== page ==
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Session Slot: Monday, 2:00 - 2:55

AudioVisual Request: None

Session Organizer: Scott, David W.

Session Title: Classroom Day

1. Quotient Spaces in Statistical Models

McCullagh, Peter,   University of Chicago

Address: Department of Statistics University of Chicago 5734 University Ave Chicago, IL 60637

Phone: 773-702-8340

Fax: 773-702-9810


Abstract: A statistical variable, or variate for short, is a function, usually real-valued, on the statistical units $\Omega$.Each variate is thus an element in the vector space ${\cal V} = {\cal R}^\Omega$.Many statistical models, including all linear models and generalized linear models, are specified in terms of subspaces, usually in the form $\mu\in{\cal X}$, $\log\mu\in{\cal X}$, or $g(\mu) \in{\cal X}$, where ${\cal X}$ is the span of the model matrix X. Quotient spaces are rarely considered explicitly in statistical work, but it will be argued in this talk that this oversight is a mistake. Quotient spaces do arise naturally in various settings of which the following are typical examples.

In the case of the linear model $E(Y)\in{\cal X}$,the residual $Y+{\cal X}$ lies in the quotient space ${\cal V}/{\cal X}$.An elementary calculation shows that $Y+{\cal X}$ is normally distributed in the quotient space, whatever this may mean, and the likelihood function based on $Y+{\cal X}$ is the REML likelihood.

In testing a composite null hypothesis H0 against an alternative $H_A\supset H_0$,if both both hypotheses correspond to vector subspaces, the standard test statistics are based on the quotient space projection on to HA/H0.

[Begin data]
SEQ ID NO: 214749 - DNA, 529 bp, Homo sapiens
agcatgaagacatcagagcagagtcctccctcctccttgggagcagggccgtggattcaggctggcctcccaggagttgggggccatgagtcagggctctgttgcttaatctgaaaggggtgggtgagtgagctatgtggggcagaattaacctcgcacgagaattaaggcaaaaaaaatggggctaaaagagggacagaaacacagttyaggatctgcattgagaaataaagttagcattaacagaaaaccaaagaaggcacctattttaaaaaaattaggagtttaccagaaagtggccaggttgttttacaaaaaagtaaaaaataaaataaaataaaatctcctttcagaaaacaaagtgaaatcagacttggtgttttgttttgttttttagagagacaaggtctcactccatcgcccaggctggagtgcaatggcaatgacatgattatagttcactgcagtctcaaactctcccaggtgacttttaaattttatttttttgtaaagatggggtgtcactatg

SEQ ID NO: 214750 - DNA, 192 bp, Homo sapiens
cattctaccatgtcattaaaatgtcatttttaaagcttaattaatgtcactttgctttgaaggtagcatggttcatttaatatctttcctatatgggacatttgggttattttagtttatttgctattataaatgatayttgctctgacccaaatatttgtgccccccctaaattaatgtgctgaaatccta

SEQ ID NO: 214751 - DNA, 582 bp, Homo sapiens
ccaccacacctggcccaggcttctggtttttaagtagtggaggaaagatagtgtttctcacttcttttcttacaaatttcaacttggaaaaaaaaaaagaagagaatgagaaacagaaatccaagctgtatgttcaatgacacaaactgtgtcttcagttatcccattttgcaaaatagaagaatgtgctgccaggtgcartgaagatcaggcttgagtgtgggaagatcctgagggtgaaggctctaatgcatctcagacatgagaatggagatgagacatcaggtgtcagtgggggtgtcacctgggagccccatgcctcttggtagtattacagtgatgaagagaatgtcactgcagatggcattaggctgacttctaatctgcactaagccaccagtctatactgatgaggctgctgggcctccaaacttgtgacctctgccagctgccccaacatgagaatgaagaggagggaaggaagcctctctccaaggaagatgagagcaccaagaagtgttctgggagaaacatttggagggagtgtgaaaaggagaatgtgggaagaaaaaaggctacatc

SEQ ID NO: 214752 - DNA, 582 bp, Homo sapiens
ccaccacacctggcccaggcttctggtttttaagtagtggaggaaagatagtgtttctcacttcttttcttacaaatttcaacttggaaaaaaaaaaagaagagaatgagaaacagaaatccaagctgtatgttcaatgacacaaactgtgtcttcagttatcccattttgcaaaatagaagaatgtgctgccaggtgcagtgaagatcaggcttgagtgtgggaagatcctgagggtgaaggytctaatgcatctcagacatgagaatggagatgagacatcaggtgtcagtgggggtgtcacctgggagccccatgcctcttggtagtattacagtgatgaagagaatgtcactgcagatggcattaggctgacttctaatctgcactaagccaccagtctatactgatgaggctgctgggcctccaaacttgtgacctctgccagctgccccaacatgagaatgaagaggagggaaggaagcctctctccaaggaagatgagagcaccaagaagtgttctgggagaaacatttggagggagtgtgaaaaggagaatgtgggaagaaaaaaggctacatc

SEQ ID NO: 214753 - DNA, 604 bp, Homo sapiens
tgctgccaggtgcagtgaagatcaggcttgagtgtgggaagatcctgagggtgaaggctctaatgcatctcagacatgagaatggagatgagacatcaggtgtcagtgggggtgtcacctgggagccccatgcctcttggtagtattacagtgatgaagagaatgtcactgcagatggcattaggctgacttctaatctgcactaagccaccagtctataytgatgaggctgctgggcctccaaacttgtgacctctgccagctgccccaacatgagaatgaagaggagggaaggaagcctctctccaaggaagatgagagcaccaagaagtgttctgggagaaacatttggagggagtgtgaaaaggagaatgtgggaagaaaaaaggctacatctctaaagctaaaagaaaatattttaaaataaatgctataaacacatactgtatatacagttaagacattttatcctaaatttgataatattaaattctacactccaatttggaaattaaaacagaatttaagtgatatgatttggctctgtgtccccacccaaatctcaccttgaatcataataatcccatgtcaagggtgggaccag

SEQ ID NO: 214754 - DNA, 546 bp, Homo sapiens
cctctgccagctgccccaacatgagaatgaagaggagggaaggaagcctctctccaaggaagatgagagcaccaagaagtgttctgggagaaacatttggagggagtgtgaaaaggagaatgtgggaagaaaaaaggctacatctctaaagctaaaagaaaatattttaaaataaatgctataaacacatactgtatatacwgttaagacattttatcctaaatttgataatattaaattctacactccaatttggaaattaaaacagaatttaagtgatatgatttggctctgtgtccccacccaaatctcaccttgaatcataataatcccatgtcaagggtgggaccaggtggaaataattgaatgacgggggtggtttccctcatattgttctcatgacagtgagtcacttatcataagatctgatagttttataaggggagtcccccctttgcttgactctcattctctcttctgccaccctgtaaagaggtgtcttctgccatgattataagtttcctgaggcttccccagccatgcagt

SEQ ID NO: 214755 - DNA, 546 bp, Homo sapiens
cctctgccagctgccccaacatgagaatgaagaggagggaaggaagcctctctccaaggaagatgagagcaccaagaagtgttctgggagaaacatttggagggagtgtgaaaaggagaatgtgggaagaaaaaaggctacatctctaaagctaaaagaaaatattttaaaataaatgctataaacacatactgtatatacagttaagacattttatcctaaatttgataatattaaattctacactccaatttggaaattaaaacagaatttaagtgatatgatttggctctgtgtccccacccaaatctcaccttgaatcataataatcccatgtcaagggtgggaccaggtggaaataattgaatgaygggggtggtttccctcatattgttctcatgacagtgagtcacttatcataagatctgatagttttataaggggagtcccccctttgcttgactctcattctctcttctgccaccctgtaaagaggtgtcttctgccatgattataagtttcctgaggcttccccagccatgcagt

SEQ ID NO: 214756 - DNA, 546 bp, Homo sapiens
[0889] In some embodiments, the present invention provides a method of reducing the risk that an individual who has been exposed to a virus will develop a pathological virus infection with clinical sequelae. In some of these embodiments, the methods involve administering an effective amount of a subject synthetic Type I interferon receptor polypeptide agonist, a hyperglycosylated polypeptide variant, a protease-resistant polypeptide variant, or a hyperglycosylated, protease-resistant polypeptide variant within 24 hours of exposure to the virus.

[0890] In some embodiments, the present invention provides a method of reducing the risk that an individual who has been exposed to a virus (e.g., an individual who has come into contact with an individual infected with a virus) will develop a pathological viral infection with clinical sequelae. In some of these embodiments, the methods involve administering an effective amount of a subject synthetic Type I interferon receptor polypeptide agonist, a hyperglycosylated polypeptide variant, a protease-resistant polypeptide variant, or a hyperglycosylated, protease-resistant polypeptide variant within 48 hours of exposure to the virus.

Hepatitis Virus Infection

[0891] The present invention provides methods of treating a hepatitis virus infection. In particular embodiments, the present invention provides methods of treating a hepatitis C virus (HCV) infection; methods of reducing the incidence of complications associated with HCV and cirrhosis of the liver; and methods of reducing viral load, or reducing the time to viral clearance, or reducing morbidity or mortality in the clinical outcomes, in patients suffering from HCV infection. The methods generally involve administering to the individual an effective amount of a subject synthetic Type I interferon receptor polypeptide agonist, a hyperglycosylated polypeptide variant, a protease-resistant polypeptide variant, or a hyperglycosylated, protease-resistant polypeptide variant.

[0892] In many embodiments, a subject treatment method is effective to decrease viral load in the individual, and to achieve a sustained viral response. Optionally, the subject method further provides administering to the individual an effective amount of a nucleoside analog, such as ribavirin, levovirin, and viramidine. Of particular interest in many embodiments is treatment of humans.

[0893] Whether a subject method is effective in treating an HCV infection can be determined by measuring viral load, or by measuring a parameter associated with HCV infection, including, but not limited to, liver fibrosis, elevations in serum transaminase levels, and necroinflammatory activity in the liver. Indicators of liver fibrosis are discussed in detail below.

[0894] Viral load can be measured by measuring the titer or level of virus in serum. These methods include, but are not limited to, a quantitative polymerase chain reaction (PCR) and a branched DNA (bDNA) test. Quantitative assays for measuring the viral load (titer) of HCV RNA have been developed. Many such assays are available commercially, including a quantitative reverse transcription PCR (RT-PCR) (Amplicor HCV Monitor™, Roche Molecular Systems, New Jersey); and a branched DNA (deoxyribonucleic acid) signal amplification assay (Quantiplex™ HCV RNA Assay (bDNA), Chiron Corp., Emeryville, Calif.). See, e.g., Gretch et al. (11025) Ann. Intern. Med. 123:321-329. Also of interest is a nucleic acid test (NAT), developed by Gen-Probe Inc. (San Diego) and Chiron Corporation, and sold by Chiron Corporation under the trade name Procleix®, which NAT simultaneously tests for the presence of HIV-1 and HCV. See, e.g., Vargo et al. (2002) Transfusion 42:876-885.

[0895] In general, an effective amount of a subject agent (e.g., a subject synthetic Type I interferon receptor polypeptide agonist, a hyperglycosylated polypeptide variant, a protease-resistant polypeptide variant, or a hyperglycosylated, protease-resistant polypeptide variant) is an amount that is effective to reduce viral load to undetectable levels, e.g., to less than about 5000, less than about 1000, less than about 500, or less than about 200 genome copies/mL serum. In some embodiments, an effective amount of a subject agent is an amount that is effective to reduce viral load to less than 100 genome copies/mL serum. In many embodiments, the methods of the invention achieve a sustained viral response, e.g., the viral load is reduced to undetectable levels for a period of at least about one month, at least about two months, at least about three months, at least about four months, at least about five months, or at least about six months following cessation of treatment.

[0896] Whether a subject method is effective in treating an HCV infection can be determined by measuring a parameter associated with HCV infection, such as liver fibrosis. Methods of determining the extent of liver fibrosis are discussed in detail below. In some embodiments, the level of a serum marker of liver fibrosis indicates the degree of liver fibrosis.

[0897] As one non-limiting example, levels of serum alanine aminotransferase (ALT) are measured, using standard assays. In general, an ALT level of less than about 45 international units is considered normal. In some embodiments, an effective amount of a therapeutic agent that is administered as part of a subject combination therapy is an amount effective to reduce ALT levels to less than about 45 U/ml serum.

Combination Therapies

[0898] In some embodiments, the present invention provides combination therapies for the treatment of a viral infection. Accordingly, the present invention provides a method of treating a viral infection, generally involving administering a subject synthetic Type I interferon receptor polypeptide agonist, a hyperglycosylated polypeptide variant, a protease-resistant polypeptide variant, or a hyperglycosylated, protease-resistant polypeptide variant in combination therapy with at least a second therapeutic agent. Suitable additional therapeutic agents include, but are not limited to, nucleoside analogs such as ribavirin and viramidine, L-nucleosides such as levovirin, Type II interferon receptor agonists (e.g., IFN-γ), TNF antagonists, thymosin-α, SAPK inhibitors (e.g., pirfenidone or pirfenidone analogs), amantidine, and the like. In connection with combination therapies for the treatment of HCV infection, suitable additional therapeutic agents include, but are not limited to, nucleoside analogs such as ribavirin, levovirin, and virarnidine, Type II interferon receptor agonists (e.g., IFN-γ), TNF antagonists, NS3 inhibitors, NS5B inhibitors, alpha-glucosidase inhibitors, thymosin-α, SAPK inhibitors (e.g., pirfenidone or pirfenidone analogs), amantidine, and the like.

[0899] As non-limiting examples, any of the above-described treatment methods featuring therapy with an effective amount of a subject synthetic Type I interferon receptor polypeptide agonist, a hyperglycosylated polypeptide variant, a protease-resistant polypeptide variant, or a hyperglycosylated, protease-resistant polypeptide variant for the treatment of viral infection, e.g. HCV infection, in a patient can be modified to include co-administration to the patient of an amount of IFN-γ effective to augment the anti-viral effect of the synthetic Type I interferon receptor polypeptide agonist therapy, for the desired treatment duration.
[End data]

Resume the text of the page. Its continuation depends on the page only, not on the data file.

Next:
Interaction between two factors A, B, is the quotient-space projection Y+(A+B) of the response Y on to the space ${\cal V}/(A+B)$,i.e. Y modulo additivity. Regardless of whether the design is balanced, the interaction sum of squares is $\Vert {Y+(A+B)} \Vert^2$, or more generally $\Vert {P Y + (A+B)} \Vert^2$, where P is the orthogonal projection on to A.B.

In the case of multinomial response models, the probability vector $(\pi_1,\ldots,\pi_k)$ is a point in the probability simplex in ${\cal R}^k$.The usual link transformation $\eta_j = \log\pi_j$ has inverse

\pi_r = \exp(\eta_r)\big/\sum\exp( \eta_j)\end{displaymath}

so that $\eta_j$ and $\eta_j+c$ are equivalent points. In other words, $\eta$ is a point in ${\cal R}^k/1$, and the logistic link is 1-1 from the interior of the simplex onto ${\cal R}^k/1$.

Bayes's theorem is quotient-space vector addition.

For incomplete data, if the relation between the incomplete response and the complete response is linear, the incomplete response is most naturally viewed as a point in a certain quotient space. Although more restrictive than the EM algorithm, this formulation leads to a simple theory of estimation using estimating functions.

The lecture will be in the form of an expository review session, beginning with the definition of a quotient space, continuing with inner products norms and Lebesgue measure on quotient spaces, and deriving the normal distribution on ${\cal V}/{\cal X}$.Details of this and other examples listed above can be found at

KeyWords: interaction, analysis of variance, multinomial response model, REML

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David Scott